I'd like to do some low bandwidth realtime* streaming to a Raspberry Pi Zero W. Since the required bandwidth is much lower than even the lowest WiFi speeds, but dropped packets and jitter will cause problems, I'd like to configure the WiFi link to use a fixed, low bitrate.

Is this possible, and if so, how?

* For those not familiar, "realtime" means a late packet is a useless packet. Think of something like a phone call: a re-transmitted packet that arrives late is worthless because the audio has already played past that point. For this reason, reacting to failures isn't a very good option: more important is to avoid the failures in the first place, even if that means sacrificing maximum attainable throughput.


You can use the iw command to set the bitrate. With calling its help you will find:

dev <devname> set bitrates [legacy-<2.4|5> <legacy rate in Mbps>*] [ht-mcs-<2.4|5> <MCS index>*] [vht-mcs-<2.4|5> <NSS:MCSx,MCSy... | NSS:MCSx-MCSy>*] [sgi-2.4|lgi-2.4] [sgi-5|lgi-5]

For example to limit the bitrate to 12 Mbps on the 2.4 MHz band you can use:

rpi ~$ sudo iw wlan0 set bitrates legacy-2.4 12

Some more examples you can find at Linux Wireless.

I have learned that the WiFi device on the Raspberry Pi obviously does not support setting the bitrate. I only read the help and available documentation but doesn't tried it. Using the command you get:

command failed: Operation not supported (-95)

But it doesn't matter because wpa_supplicant optimizes the connection by falling back to lower speeds on bad connections. There is no need to set lower bitrates manual because it will not increase stability.

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  • Did you actually try this? I get command failed: Operation not supported (-95). – Phil Frost Aug 25 '19 at 18:51
  • Hi Ingo, do you know if and to what extend this increases robustness of the connection? – Ghanima Aug 25 '19 at 19:10
  • @PhilFrost Sorry, I only read the help and the linked documentation but don't actually tried it. I get the same error. I will update my answer. – Ingo Aug 25 '19 at 19:18
  • @Ghanima I know what you mean (automatic speed reduction). But it was asked for a fixed speed. But it seems Raspberry Pi doesn't support it; will mention it in the answer. – Ingo Aug 25 '19 at 19:23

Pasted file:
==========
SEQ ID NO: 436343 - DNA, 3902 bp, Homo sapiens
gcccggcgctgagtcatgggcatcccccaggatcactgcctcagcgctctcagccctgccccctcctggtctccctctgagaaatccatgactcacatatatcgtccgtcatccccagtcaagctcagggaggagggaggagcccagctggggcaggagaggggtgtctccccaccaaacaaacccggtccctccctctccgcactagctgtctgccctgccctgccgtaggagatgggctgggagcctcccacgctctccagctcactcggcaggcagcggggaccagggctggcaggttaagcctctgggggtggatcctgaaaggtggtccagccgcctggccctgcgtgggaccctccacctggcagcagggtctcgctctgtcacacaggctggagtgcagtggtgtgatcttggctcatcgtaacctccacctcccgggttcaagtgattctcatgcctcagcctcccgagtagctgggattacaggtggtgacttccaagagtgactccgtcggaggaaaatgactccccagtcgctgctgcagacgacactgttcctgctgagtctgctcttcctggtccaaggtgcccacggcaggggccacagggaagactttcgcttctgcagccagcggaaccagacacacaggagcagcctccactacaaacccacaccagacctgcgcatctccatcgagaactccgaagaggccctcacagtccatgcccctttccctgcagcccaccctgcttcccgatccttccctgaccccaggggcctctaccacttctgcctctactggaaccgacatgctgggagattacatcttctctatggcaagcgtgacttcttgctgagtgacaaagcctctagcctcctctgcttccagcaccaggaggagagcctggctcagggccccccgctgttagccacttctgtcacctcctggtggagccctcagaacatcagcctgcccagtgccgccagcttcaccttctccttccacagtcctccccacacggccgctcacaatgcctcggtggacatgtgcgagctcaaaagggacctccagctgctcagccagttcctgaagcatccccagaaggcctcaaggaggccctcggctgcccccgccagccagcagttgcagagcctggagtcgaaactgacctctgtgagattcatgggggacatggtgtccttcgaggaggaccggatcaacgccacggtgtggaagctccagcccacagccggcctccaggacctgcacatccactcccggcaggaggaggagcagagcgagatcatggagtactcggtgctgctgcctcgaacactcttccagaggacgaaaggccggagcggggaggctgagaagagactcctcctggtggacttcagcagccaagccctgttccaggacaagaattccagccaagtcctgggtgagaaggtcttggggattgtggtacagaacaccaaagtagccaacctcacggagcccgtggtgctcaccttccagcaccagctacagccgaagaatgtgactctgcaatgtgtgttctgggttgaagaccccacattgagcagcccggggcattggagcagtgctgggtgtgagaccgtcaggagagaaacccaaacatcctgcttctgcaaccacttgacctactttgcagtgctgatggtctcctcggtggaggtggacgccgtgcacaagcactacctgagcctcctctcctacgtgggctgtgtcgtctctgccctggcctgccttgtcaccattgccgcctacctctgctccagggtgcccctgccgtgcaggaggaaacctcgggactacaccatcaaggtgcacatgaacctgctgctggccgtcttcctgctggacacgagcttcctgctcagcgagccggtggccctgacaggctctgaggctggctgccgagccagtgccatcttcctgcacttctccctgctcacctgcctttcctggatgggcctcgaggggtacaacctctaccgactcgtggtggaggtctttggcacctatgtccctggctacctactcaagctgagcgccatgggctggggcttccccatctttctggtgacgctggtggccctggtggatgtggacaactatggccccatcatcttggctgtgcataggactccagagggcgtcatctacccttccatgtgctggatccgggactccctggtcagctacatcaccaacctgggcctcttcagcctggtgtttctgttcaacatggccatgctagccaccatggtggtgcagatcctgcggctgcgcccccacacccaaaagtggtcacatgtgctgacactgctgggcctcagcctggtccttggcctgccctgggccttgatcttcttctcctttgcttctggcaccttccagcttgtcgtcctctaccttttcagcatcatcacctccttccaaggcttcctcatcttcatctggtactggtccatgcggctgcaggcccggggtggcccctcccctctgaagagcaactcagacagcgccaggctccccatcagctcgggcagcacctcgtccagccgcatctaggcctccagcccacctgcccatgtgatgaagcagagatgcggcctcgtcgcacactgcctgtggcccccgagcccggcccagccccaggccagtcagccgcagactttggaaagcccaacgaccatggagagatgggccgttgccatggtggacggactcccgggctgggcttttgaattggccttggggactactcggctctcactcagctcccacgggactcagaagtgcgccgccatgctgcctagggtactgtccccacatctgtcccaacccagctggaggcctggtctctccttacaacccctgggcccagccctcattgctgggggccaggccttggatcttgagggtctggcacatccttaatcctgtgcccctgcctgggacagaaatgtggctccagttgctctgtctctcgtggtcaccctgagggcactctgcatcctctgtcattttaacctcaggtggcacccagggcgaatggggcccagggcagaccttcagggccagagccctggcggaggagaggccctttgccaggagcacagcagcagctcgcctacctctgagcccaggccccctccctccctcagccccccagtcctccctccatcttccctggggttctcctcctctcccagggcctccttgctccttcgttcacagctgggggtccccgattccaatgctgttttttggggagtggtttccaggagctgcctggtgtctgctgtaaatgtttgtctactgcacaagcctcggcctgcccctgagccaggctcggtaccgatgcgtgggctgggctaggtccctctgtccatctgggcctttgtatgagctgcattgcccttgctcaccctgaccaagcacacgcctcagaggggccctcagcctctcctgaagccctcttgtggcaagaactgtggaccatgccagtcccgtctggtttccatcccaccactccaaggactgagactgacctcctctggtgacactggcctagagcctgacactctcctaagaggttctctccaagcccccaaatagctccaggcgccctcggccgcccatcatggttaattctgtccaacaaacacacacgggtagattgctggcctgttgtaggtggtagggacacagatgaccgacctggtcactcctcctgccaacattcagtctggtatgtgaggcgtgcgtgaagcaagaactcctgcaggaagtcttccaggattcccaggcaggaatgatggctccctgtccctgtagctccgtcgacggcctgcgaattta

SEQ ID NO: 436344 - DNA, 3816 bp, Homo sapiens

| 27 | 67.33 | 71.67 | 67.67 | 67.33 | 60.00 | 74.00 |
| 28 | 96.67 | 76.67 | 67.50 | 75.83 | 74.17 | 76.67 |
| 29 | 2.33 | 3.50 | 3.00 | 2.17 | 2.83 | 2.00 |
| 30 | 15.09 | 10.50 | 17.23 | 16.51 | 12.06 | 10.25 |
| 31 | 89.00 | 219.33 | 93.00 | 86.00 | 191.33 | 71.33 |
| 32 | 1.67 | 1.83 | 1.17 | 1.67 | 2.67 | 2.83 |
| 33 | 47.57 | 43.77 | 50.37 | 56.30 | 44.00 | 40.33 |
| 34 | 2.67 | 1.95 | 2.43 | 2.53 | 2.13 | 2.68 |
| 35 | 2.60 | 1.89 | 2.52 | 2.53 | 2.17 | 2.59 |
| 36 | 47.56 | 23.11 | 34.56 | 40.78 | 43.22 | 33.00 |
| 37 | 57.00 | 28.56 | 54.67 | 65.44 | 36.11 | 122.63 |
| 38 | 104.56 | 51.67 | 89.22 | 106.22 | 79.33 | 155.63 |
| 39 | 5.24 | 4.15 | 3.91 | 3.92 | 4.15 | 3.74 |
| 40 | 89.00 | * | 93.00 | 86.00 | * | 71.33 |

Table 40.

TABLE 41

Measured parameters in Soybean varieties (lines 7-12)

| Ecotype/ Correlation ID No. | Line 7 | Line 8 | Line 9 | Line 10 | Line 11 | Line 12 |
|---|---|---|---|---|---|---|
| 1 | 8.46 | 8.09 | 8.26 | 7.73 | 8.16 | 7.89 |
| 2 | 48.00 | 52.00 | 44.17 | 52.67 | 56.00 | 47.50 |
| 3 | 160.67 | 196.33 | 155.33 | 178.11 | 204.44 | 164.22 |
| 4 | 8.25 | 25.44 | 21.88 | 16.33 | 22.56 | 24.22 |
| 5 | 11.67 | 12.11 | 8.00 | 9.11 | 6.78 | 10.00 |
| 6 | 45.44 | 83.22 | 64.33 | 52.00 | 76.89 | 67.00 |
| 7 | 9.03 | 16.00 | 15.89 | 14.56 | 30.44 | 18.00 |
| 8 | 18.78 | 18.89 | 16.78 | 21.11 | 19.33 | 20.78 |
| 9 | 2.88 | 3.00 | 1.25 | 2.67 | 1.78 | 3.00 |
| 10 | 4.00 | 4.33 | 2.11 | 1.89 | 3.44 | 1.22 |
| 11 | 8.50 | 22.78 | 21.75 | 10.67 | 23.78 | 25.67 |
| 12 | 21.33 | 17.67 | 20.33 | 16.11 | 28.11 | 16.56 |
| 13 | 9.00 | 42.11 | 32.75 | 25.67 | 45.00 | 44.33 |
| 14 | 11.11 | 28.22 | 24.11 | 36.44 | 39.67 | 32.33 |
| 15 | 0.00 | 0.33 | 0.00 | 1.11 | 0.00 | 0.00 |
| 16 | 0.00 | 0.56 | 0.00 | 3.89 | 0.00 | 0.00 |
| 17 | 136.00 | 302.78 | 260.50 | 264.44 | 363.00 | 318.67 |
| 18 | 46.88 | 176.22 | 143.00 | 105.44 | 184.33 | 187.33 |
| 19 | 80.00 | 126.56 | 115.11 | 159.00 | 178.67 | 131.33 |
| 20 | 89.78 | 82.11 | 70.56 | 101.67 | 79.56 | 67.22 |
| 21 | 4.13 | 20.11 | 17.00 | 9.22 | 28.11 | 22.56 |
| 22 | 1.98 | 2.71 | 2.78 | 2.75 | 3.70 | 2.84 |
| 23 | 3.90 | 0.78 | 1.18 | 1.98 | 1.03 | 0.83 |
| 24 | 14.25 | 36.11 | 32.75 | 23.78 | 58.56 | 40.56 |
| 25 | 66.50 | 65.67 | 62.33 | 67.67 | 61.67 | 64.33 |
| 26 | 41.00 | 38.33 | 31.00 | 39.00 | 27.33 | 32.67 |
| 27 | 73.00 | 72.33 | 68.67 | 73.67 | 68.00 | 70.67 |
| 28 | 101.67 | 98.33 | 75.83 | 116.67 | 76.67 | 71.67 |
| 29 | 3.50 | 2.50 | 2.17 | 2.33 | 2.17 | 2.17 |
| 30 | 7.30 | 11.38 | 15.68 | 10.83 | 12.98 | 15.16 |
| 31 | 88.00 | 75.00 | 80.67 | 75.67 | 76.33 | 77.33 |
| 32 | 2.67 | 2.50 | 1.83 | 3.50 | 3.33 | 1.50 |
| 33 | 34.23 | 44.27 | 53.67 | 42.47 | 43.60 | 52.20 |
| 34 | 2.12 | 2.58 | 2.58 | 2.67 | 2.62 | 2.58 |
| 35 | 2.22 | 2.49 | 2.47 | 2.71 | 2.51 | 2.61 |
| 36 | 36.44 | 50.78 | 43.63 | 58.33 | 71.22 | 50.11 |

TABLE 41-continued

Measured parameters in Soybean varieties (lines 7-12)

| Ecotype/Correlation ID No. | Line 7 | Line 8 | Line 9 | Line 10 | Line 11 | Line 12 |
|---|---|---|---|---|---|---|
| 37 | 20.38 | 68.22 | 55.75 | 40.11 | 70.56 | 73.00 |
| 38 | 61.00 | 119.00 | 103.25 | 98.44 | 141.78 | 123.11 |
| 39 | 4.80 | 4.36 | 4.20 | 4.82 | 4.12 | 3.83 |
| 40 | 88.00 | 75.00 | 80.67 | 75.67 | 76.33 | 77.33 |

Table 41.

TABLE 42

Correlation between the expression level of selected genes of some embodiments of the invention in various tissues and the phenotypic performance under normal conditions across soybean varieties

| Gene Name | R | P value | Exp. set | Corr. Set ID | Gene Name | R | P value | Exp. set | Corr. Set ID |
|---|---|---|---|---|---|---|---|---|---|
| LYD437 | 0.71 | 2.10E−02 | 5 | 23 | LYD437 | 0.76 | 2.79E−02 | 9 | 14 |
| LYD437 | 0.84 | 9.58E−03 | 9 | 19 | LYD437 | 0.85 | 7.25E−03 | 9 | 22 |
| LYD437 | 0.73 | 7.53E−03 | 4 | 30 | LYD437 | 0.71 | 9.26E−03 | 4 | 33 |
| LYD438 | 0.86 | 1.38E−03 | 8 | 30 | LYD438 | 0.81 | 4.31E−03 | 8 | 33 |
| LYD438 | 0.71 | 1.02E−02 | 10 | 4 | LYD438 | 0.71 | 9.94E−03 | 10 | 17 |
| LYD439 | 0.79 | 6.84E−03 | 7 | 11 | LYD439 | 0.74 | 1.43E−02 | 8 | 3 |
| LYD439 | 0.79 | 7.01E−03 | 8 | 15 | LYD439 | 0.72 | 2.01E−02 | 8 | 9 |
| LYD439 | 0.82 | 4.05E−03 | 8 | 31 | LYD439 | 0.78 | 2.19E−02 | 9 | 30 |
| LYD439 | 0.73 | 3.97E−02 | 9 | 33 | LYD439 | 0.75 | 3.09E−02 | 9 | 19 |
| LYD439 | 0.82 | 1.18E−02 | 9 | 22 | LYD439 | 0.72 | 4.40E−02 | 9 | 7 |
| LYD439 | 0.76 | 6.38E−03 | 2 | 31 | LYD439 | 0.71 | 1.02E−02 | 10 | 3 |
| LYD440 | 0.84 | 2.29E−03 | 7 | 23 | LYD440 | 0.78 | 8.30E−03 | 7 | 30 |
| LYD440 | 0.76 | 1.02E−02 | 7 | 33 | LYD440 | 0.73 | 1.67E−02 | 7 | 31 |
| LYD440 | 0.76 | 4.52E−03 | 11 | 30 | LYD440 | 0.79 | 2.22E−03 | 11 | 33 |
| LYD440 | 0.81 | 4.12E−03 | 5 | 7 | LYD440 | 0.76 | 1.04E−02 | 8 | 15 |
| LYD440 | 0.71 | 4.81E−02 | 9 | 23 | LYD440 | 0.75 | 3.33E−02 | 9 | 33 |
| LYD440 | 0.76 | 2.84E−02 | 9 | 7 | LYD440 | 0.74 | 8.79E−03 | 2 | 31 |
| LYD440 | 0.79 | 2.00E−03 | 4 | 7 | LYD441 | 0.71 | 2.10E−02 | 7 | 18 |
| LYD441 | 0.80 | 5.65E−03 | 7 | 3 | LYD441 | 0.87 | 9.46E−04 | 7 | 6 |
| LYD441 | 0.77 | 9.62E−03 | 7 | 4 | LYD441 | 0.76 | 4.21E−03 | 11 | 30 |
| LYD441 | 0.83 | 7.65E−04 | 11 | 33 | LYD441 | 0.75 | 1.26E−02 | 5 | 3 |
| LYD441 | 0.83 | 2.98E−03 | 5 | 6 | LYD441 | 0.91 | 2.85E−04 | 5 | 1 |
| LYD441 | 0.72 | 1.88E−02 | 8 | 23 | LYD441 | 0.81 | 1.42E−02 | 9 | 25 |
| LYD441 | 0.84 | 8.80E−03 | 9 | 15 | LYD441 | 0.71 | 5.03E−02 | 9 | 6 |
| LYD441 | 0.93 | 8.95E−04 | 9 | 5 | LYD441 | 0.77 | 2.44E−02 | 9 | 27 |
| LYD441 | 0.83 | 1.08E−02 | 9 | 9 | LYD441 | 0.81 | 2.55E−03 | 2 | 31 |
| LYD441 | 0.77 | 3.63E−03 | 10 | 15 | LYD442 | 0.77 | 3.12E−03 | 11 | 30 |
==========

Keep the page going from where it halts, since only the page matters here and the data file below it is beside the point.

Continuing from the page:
• You say it doesn't matter, but it really does. The speed can't be automatically adjusted until after the link is determined to be "bad", which is a problem for a realtime application. – Phil Frost Aug 25 '19 at 21:14

This question is predicated on the false premise that lower rates are more reliable

Lowering baud rate can only be achieved by selecting a mode (b, g, n) supported by the router and most do not even support the legacy modes by default.

Spread-spectrum systems transmit at a constant bit rate (usually 20/40MHz for 2.4GHz WiFi). The spreading function spreads the bits across the bandwidth - allowing bandwidth/speed tradeoff (the CDMA systems I used to work on were reliable with a signal 10dB below the noise floor).

Higher baud rates are achieved by mapping more code points onto each bit, and modern modulation schemes are actually more reliable than the older schemes.

If the connection is unreliable the normal practice is to use smaller packets, but again this requires mutual support.

TCP retry protocols should compensate for corrupt packets.

If retry is not feasible (e.g. CDMA voice) the data is encoded with forward error correcting protocols to permit error recovery, or the packets are discarded.

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  • It's not a false premise. Lower bitrates mean more energy per bit, which increases the probability the packet will be correctly demodulated on the first try. Why else do you think speeds decrease as signal quality degrades? TCP retries don't help in a realtime application. – Phil Frost Aug 25 '19 at 23:16

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